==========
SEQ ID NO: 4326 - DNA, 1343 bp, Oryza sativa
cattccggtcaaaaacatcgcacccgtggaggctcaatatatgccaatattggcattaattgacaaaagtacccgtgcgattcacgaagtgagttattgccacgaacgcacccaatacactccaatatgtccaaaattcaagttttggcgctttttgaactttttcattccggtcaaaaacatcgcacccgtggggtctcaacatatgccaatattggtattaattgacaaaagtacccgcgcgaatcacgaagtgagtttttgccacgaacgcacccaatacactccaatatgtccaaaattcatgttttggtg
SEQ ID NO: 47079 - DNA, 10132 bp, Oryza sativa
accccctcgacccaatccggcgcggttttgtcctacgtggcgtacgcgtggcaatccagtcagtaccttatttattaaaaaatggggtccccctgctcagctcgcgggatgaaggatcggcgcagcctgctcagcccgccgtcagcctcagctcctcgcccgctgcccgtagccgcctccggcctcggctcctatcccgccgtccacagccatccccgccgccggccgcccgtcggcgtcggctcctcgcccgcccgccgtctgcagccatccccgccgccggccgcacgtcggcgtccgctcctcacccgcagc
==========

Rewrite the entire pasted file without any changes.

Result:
SEQ ID NO: 4326 - DNA, 1343 bp, Oryza sativa
cattccggtcaaaaacatcgcacccgtggaggctcaatatatgccaatattggcattaattgacaaaagtacccgtgcgattcacgaagtgagttattgccacgaacgcacccaatacactccaatatgtccaaaattcaagttttggcgctttttgaactttttcattccggtcaaaaacatcgcacccgtggggtctcaacatatgccaatattggtattaattgacaaaagtacccgcgcgaatcacgaagtgagtttttgccacgaacgcacccaatacactccaatatgtccaaaattcatgttttggtg
SEQ ID NO: 47079 - DNA, 10132 bp, Oryza sativa
accccctcgacccaatccggcgcggttttgtcctacgtggcgtacgcgtggcaatccagtcagtaccttatttattaaaaaatggggtccccctgctcagctcgcgggatgaaggatcggcgcagcctgctcagcccgccgtcagcctcagctcctcgcccgctgcccgtagccgcctccggcctcggctcctatcccgccgtccacagccatccccgccgccggccgcccgtcggcgtcggctcctcgcccgcccgccgtctgcagccatccccgccgccggccgcacgtcggcgtccgctcctcacccgcagc